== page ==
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Well you could do it, but it would be pretty stupid, you could spend $100 worth of electricity running the pump to spin the water wheel, but the amount of electricity you could generate from the water wheel spinning would be worth only perhaps $40-50 at best. I'm sure that's what you meant.
Originally posted by crimvelvet
reply to post by FoxfilesMulder
Also I should mention you need a running stream near your house, but this can be overcome I'm sure with a pump powered by the wheel or attaching a car battery or something.
Sorry you can not do that. It is a law of Physics - Conservation of Energy because the water wheel can not do a 100% power conversion.
Yes that would work.
Here is what would work. (I have been thinking about it)
If you do not have a stream with at least a 4 ft drop, you can create two ponds at two different levels with the 4 ft drop between, line the ponds with bentonite clay or cement. Place the water wheel between them. Use a windmill to move the water between the two ponds.
The ponds act as a giant storage battery and allow you to even out the energy generated by the wind.
Originally posted by FoxfilesMulder
reply to post by 46ACE
its like an electric motor spinning a generator to power an electric motor turning the generator. Plenty of people smarter than any of us have proven you never get out more than you put in."Period" end of discussion. Embrace the box. its a small but versatile space.
Ok, well put my other recent thread into your pipe and smoke it then, haha!
Free energy machine.
The results of the generator were verified by independent engineers from SGS Australia following a test earlier this year, which confirmed the energy output from the generator was indeed greater than its input. Mr Christie said he and Mr Brits were currently working on a production prototype to suit the domestic market, which they hoped to produce locally. "If we go with our plan now, there is no reason why it couldn’t be available in Australia in two years," he said.
edit on 25-2-2011 by FoxfilesMulder because: (no reason given)
If you do not have a stream with at least a 4 ft drop, you can create two ponds at two different levels with the 4 ft drop between, line the ponds with bentonite clay or cement. Place the water wheel between them. Use a windmill to move the water between the two ponds. The ponds act as a giant storage battery and allow you to even out the energy generated by the wind.
please see my diatribe on thermodynamics....
Yes that would work.
A windmill with a storage battery! I like it. This is the kind of thinking we need instead of all the crackpot theories that violate laws of physics.
I starred your post, I was surprised nobody else had yet. Best post in the thread!
...deep cycle lead acid battery will cost between $50 and $200 and, if properly maintained, will give you at least 150 deep discharge cycles.... marine-electronics.net...
.... On a hot sunny summer afternoon, take a drive out along a Frontage Road along an Interstate Highway or similar large highway. Make sure it is a day with moderate wind, and that you have chosen to be on the downwind side of the highway! Find a concrete or metal culvert where water is able to pass under the highway, and walk to the end of the culvert. You will feel air coming out of it, and that air will be IMPRESSIVELY COOL! You immediately realize that you could stay there for hours and hours, and cool air would continuously come out your end. You can look THROUGH the culvert and see where the 90ºF (32ºC) hot summer air was going INTO the culvert, and yet here at your end, it CONSTANTLY comes out wonderfully cooled! Continuously, all day, every hot day! This is a truly impressive experiment to do, and it is immensely convincing regarding the whole point of the system which is described in this presentation!.....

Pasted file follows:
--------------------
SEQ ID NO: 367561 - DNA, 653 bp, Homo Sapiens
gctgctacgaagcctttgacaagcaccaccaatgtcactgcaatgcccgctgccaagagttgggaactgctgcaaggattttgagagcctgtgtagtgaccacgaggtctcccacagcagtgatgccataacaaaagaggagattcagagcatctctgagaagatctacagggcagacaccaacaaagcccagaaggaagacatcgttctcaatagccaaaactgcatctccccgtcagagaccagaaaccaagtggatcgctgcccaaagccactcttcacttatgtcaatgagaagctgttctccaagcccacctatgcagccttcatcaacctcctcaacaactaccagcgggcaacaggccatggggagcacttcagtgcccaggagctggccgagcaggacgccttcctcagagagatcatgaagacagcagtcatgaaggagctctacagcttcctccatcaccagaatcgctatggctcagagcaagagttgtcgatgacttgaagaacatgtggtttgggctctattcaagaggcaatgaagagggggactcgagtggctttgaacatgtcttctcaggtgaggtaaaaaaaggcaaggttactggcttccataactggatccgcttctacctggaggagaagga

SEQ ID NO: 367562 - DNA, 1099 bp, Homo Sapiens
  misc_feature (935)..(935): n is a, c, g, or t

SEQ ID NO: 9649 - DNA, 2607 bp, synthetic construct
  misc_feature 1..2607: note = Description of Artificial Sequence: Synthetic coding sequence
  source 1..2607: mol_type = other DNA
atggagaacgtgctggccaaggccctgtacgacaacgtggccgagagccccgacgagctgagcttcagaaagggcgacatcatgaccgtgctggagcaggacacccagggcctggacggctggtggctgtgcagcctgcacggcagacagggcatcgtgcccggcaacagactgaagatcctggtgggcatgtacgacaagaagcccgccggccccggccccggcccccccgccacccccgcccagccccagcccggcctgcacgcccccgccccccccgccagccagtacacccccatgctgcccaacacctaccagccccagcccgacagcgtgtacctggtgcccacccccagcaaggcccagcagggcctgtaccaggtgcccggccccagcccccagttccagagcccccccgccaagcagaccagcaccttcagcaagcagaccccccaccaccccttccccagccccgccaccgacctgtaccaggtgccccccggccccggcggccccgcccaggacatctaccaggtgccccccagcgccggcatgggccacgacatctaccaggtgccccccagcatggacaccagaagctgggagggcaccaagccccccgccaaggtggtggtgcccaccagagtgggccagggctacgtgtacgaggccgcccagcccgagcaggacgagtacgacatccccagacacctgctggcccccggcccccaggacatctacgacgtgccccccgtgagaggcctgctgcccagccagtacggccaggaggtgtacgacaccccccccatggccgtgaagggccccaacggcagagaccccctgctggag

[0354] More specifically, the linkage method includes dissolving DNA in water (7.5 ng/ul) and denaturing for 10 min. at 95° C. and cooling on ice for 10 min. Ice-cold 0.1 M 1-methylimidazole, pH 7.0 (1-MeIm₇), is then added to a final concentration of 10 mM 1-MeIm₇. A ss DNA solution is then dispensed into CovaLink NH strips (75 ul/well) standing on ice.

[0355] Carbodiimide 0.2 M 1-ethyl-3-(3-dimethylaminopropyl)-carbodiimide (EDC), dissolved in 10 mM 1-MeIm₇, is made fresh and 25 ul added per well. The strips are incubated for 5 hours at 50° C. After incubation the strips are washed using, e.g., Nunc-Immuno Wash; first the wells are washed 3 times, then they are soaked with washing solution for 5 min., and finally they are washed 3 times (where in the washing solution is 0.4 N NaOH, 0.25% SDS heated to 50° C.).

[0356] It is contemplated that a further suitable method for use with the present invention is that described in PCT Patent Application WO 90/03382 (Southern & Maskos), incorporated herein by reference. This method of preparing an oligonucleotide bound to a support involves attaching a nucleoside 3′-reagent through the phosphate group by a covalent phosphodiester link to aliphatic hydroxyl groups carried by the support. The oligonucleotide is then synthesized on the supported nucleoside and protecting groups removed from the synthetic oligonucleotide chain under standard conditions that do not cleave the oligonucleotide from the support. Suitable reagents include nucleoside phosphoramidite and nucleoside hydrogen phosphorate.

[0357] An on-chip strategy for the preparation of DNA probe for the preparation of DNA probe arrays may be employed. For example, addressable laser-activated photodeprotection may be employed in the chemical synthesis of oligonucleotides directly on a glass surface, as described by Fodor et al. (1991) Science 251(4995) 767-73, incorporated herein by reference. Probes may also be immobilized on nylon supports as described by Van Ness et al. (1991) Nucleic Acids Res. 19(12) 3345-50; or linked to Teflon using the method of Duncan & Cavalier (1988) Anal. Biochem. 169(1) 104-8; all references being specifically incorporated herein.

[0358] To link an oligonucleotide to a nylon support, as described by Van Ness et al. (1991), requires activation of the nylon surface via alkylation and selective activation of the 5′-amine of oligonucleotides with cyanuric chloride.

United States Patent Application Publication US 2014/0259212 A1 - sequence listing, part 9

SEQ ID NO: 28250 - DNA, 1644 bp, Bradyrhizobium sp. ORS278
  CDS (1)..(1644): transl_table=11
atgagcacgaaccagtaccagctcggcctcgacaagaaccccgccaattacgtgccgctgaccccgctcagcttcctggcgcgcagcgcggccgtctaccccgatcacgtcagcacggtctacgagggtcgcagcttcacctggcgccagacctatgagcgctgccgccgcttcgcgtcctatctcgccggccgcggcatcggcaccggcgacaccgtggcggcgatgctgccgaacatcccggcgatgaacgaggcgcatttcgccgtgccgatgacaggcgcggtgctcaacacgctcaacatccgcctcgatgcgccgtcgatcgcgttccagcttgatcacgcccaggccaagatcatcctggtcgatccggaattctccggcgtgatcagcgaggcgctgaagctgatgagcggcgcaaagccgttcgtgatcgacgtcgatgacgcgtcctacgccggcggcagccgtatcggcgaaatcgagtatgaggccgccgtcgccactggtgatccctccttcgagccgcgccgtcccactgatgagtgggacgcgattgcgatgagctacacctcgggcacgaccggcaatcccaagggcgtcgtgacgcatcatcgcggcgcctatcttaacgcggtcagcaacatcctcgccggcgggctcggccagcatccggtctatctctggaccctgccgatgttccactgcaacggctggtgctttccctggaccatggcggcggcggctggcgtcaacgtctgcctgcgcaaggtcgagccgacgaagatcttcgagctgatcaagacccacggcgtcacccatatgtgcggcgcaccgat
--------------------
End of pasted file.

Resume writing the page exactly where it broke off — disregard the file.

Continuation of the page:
Note that there is nothing complicated or complex about this idea, it is actually really simple, and even obvious! All we did was, in 1979, to apply modern Engineering methods to calculate how to make an "artificial cave" that is most efficient. We also found a way to use really inexpensive materials that are already available in a store near you!
Actually, we even make an improvement over that idea involving a natural cave, because it turns out that a natural cave could foul up the humidity (IRH) in the house. So the system presented here (which is a sealed, RECIRCULATING system where the house air is actually never mixed or exchanged with any other air, essentially duplicating a modern heating or air conditioning system which has air return ducts) is even better than what was just described!...
The temperature a few feet down in the ground is remarkably constant throughout the day and year. In Chicago, for example, that deep soil remains approximately 52ºF (11ºC), day and night, summer and winter. In the summer, the hot house air is blown through some underground tubes and that hot house air is cooled by contact with the cool (52ºF) (11ºC) walls of the underground tubes. It turns out that it is also de-humidified, too! It turns out that IF the soil happens to be at or below 60ºF (16ºC), when the house air is cooled to that temperature, the relative humidity in the tubes rises to 100% and moisture in the air condenses out on the walls of the tubes. When that 60ºF (16ºC) air at 100% moisture is again raised to the desired 76ºF (24ºC) air temperature in the house, the humidity (called IRH) is at the desired 40%. If the soil is cooler than 60ºF (16ºC) then the air is pushed through faster so the humidity is not lowered too much. If the soil is above 60ºF (16ºC), a separate dehumidifier is likely to be necessary.... mb-soft.com...